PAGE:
In Valmiki Ramayana, Ravana has also been portrayed as very egoistic and insecure. That is one of the reasons why Seetha was able to manipulate him into taking her to Lanka. In addition, Valmiki portrays Hanumana as a very shrewd/cunning individual, just as was done in Alu Kurumba Ramayana. However, he has also been portrayed as an individual that is, at times, prone to foolish, impulsive decisions. For example, he attempted to wage war singlehandedly against Lanka, when it was quite obvious that he would be captured and therefore unsuccessful in it. Furthermore, in Valmiki Ramayana, Hanumana was portrayed as an average warrior, who got defeated by Ravana in war. All Ravana needed to do was land 2 solid punches at Hanumana, to render the latter incapable of continuing the fight (Valmiki Ramayana 6.59.60-69)

In Alu Kurumba Ramayana, the flames from Hanumana's tail burned down Seetha. On the other hand, in Valmiki Ramayana, they did not harm her (Sundara Kanda Section 56).]

[In Valmiki Ramayana, it took Rama only 3 days to conquer Lanka (Valmiki Ramayana 6.91.16). On the other hand, in Alu Kurumba Ramayana, the conquest of Lanka took a full 18 days.

In Valmiki Ramayana, the items used to build the bridge did not float because of Rama's name. However, in Alu Kurumba Ramayana, they did float just because of the uttering of Rama's name. This is similar to Ramacharitamanas, by Tulsidas, where stones with the name Rama written on them floated, whereas the rest sunk. Likwise, the story of Hanumana bringing the entire mountain to Rama to save Lakshmana (in Alu Kurumba Ramayana), finds a parallel in Ramacharitamanas, where Hanumana carries the entire mountain to Rama as he is unable to locate the Sanjeevani Booti. This story is also present in Yuddha Kanda Section 101 of Valmiki Ramayana, where Hanumana is unable to identify the correct herbs and brings the entire Mount Mahodara to the physician Sushena, so that Lakshmana could be treated.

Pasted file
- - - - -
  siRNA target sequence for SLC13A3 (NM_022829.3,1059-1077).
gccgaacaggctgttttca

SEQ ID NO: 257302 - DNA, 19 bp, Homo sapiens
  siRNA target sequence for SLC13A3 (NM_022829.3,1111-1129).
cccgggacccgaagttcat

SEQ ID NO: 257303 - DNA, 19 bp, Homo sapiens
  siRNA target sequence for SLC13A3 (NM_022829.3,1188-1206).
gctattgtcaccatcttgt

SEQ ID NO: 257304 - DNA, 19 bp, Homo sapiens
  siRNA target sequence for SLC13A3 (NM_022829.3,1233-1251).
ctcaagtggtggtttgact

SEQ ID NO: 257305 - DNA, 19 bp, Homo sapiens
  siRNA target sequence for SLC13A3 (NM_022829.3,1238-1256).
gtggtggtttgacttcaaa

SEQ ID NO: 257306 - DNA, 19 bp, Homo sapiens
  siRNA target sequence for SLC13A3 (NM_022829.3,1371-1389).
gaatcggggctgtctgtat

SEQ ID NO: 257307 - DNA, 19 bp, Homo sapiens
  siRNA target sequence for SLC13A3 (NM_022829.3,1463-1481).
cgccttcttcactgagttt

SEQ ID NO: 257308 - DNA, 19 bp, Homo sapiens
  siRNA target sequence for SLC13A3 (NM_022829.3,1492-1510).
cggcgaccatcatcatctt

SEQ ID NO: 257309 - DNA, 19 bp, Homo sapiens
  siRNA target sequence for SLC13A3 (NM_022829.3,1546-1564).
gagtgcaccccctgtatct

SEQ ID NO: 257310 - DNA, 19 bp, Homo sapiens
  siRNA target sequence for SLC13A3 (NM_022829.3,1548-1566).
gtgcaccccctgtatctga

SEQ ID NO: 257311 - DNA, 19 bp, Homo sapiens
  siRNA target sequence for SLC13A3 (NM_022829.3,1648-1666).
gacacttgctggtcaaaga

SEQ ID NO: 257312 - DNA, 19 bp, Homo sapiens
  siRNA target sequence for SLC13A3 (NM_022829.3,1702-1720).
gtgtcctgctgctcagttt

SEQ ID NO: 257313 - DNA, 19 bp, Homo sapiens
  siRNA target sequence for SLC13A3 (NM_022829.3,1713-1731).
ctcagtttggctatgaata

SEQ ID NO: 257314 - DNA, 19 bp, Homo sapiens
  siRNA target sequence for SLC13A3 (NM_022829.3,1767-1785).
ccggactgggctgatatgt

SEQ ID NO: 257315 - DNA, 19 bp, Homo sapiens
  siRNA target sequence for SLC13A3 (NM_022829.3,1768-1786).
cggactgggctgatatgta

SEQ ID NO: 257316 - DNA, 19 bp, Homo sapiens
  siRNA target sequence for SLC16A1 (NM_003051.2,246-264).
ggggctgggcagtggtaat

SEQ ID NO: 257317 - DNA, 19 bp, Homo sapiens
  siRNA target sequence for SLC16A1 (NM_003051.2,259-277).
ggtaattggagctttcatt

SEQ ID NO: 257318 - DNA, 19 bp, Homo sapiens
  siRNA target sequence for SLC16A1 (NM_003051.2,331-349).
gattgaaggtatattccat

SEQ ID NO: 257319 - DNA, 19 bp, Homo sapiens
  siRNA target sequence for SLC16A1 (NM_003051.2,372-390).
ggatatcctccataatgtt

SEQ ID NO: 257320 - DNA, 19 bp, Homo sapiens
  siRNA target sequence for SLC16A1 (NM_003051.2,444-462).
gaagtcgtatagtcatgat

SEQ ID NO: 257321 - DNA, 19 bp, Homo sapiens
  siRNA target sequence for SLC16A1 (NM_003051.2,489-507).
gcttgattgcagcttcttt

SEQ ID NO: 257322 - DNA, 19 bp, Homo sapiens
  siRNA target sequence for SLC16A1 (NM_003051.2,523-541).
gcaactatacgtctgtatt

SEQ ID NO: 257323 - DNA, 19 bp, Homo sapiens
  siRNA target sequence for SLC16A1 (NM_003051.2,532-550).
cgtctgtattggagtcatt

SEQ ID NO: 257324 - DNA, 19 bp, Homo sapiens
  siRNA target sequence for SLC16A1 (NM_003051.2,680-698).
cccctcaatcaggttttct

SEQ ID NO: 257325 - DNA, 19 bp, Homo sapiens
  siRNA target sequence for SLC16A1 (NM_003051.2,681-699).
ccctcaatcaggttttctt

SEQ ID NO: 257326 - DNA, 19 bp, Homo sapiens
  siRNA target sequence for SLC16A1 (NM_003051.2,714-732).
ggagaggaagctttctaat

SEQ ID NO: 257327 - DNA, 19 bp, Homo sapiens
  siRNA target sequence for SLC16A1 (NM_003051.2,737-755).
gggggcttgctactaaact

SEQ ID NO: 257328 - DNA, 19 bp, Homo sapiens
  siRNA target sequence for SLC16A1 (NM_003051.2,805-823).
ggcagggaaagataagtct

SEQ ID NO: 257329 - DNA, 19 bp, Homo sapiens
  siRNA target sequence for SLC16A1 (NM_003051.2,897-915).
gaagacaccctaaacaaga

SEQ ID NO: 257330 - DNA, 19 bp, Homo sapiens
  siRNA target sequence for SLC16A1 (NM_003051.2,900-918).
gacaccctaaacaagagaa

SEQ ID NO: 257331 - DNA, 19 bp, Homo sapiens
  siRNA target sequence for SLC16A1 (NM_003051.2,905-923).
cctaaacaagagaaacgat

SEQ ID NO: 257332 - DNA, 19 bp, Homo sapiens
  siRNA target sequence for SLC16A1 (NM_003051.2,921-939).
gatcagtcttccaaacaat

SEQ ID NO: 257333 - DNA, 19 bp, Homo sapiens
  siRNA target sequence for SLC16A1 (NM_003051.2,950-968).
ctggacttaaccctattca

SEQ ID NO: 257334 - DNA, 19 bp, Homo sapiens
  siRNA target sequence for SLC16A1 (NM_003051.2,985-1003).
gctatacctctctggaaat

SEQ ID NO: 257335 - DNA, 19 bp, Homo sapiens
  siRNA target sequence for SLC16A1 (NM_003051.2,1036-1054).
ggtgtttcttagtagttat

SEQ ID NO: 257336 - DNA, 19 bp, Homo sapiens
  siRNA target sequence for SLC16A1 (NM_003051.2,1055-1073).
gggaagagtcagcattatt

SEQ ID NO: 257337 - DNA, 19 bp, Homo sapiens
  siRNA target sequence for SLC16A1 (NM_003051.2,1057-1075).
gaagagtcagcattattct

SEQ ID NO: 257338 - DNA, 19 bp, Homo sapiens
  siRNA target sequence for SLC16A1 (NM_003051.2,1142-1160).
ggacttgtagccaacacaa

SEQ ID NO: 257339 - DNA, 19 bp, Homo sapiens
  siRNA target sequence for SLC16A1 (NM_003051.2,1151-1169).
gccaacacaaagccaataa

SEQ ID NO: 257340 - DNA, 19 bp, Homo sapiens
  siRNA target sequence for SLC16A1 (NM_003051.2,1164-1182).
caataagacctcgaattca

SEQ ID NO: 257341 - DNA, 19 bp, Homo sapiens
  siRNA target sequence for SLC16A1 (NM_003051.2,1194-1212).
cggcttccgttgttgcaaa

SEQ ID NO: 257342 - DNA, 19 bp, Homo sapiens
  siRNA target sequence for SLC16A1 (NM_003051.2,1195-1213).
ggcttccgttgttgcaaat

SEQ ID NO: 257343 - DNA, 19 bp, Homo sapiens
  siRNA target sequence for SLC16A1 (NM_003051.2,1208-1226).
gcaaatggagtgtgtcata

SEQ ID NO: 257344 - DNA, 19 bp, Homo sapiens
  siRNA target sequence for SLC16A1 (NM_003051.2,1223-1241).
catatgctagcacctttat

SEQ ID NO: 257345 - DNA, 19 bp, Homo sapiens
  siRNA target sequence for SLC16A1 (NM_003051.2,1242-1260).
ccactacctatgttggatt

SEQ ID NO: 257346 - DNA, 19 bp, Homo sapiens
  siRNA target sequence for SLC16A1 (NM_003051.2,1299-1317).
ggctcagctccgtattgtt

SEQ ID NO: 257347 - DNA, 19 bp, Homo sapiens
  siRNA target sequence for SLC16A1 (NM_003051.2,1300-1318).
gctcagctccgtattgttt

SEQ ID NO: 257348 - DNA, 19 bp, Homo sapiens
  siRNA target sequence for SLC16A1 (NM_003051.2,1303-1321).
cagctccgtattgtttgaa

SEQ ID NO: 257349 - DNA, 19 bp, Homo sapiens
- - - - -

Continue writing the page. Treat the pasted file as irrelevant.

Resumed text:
In Valmiki Ramayana, Rama finds it very difficult to kill Ravana. However, this is not the case in Alu Kurumba Ramayana. Instead, the stronger warriors in Alu Kurumba Ramayana are Ayi-Ravana and Mayi-Ravana, as we shall see later on. In Valmiki Ramayana, Kumbhakarna died before Ravana. However, in Alu Kurumba Ramayana, he did not fight the war, and surrendered after Ravana's death, when he was woken up from his long sleep. In Valmiki Ramayana, by the time Rama invaded Lanka, more than 14 years had passed. However, in Alu Kurumba Ramayana, only 13 years had passed by this time.